All hail, Aoife, Queen of the Bad Plan and Hasty Journey! In this series’ mech-mysterious language of magic and machine, Aoife would be a dark perpetual motion machine, barreling onward with a seemingly terrible success rate. Miss, miss, miss, until by book’s end, hit?  Unfortunately, I didn’t have the patience to wait that long.

THE MIRRORED SHARD starts in a tricky place for a series. Many of Aoife’s secrets are out (if not entirely understood), and she starts the story at the bottom of an emotional well. Or at least, I initially assumed it was the bottom, but found she had to continue sliding for a few more chapters before making any upward progress. My previous affection for this series hinged more on the world than the characters, which made the dramatic, character driven parts of the book pretty rough. Though stealing a zombie zeppelin was a momentary high point, when this moment was followed by another series of arbitrary misfortunes and inexplicable saves, I gave up.  – Julia

Shadowlands (Shadowlands, #1)

by  Kate Brian

Shadowlands (Shadowlands, #1)

 

Rory Miller had one chance to fight back and she took it. Rory survived and the serial killer who attacked her escaped. Now that the infamous Steven Nell is on the loose, Rory must enter the witness protection program. Entering the program alongside her, is her father and sister Darcy. The trio starts a new life and a new beginning leaving their friends and family behind without a goodbye.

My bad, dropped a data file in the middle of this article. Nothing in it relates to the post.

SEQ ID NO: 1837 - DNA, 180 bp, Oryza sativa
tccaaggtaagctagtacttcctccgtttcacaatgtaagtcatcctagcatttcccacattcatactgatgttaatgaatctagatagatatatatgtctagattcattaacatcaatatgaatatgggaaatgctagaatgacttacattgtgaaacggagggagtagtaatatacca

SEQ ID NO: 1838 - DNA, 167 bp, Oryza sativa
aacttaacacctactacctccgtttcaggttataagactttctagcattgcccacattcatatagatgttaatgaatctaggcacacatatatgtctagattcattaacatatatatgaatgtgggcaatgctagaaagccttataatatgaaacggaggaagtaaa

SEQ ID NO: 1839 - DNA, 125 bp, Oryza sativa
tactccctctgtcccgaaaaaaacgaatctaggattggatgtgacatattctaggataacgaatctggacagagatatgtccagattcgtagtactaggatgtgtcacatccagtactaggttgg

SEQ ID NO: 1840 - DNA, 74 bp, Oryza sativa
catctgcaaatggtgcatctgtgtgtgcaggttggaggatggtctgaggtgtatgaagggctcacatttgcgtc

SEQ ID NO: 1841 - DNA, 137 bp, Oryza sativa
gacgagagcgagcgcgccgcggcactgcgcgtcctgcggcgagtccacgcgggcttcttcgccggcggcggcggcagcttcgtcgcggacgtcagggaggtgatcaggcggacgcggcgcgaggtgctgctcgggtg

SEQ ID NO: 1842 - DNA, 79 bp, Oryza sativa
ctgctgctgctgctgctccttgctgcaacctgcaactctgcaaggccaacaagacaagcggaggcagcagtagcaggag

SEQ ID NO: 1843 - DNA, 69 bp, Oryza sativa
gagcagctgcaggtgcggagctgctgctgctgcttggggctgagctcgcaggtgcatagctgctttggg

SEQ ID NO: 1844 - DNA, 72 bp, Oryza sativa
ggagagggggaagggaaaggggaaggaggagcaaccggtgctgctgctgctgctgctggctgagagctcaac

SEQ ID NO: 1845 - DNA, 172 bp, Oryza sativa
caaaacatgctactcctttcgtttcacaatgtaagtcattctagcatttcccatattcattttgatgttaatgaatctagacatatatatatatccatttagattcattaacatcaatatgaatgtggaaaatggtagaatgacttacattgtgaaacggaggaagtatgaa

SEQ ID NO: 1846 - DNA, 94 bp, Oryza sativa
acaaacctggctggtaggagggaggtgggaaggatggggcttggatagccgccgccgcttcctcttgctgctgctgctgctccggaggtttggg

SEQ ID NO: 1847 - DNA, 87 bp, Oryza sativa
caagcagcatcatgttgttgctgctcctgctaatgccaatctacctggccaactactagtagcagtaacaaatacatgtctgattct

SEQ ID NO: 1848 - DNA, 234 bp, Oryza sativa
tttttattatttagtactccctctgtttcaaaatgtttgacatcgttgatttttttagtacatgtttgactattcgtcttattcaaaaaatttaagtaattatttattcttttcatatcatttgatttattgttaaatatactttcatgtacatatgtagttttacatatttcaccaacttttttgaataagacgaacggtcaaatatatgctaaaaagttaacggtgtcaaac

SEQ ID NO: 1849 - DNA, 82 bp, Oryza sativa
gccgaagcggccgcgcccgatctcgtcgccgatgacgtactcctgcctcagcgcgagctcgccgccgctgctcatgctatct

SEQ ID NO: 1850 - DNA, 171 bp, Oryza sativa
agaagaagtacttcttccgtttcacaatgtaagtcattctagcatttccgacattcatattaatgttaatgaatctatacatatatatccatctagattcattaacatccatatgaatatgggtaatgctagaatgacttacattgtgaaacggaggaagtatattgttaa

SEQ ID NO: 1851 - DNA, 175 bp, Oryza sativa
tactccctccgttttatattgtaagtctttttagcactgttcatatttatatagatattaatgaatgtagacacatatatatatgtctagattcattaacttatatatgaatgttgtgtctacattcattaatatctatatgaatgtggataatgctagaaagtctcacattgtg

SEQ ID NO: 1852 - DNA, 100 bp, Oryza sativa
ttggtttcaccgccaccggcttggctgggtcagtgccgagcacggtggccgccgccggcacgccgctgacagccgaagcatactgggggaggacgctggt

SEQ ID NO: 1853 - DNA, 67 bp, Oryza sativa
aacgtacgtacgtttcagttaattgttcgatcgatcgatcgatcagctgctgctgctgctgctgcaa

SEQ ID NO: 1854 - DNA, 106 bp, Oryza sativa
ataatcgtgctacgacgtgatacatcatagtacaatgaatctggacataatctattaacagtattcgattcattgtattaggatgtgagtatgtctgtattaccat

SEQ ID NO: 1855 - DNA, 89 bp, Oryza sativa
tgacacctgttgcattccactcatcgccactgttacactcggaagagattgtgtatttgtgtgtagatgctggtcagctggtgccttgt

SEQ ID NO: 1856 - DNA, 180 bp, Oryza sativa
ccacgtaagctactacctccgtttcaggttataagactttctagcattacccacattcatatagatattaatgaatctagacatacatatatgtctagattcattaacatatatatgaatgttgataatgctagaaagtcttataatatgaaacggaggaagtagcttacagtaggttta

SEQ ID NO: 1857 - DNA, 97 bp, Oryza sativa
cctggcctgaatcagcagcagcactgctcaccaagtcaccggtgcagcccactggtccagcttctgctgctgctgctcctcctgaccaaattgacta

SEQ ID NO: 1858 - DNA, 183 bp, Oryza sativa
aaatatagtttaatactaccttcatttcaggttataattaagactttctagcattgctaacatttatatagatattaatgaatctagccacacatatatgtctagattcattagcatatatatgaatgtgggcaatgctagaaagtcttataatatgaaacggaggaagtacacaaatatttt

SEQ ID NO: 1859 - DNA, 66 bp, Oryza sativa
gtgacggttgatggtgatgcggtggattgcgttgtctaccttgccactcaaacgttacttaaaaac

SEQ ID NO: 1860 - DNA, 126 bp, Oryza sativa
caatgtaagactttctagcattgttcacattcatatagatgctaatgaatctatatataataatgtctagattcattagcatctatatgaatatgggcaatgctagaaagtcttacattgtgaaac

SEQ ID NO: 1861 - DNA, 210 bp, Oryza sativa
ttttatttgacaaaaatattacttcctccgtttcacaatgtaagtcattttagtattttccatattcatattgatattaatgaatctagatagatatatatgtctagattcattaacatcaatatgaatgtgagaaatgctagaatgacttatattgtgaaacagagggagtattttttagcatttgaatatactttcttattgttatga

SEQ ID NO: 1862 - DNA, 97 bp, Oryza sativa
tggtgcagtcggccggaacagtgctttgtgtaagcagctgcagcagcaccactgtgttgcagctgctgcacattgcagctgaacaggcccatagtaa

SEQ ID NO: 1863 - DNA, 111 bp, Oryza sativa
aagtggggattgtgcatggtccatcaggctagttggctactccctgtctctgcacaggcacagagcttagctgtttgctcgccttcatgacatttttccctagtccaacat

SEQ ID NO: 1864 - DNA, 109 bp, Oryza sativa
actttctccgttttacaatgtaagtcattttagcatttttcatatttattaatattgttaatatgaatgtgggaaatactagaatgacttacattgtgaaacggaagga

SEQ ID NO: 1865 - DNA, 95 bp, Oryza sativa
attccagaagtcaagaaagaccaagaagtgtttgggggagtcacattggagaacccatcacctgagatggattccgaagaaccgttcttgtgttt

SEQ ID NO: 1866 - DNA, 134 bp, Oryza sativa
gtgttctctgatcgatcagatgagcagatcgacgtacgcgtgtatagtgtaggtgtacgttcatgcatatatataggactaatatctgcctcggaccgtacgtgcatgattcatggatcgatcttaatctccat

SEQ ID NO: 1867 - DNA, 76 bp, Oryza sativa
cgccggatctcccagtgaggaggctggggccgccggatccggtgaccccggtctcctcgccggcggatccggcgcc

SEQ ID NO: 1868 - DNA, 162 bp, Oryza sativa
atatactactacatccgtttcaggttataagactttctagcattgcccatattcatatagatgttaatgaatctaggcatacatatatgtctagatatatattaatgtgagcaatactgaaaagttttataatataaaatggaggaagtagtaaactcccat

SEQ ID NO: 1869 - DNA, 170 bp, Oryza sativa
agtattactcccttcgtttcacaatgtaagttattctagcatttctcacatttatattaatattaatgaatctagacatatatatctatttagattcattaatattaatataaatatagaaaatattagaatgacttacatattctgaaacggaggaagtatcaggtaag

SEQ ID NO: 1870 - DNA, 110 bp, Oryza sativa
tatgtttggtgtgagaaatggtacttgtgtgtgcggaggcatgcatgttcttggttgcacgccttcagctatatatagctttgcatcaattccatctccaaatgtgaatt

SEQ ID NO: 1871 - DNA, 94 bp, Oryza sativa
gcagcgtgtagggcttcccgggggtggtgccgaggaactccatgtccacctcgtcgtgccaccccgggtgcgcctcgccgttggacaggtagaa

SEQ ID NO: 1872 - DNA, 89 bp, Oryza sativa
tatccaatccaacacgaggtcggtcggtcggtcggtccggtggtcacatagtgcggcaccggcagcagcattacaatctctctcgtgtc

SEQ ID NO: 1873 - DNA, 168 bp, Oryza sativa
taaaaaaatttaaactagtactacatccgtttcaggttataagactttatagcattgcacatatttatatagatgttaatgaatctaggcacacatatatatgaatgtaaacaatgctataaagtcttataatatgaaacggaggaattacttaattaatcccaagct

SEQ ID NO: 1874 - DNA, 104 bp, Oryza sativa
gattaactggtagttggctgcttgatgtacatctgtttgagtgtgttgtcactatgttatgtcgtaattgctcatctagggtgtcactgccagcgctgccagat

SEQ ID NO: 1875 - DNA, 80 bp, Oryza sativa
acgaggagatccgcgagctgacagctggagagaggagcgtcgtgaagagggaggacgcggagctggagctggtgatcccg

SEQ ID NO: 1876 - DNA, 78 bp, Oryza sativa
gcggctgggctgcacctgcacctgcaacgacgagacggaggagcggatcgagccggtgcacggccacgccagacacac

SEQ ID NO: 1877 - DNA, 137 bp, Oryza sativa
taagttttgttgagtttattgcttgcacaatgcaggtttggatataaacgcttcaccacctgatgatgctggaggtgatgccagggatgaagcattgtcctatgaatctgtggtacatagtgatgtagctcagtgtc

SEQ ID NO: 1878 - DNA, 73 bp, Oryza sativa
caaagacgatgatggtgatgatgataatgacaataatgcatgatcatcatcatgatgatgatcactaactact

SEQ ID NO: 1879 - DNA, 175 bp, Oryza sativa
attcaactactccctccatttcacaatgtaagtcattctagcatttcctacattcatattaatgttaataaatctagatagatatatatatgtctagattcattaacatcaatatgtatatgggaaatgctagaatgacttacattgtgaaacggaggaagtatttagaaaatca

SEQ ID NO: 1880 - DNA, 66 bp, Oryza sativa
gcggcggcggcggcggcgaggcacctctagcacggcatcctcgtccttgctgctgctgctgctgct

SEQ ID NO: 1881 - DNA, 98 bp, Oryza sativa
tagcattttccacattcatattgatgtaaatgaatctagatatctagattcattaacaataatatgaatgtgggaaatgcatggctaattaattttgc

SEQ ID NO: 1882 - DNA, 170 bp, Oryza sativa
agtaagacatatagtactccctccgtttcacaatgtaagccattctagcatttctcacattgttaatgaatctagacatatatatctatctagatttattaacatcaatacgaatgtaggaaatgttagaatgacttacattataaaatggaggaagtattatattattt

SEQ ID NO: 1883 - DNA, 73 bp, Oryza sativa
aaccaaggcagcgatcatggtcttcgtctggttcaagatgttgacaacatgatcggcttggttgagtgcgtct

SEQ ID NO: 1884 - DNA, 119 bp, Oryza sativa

Starting over in a new town with only each other is unimaginable for Rory and Darcy. They were inseparable as children but now they can barely stand each other. As the sisters settle in to Juniper Landing, a picturesque vacation island, it seems like their new home may be just the fresh start they need. They fall in with a group of beautiful, carefree teens and spend their days surfing, partying on the beach, and hiking into endless sunsets. Just as they’re starting to feel safe again, one of their new friends goes missing. Is it a coincidence? Or is the nightmare beginning all over again? 

Though Urban Fantasy is my first love, I’ve been known to stray to other genres on occasion.  Young Adult, Mystery, Romance, any book with a character driven story has the potential to seduce me away.  When strains of those other genres filter back into Urban Fantasy, color me happy.  Supernatural romance, otherworldly mysteries… you name it, I love it.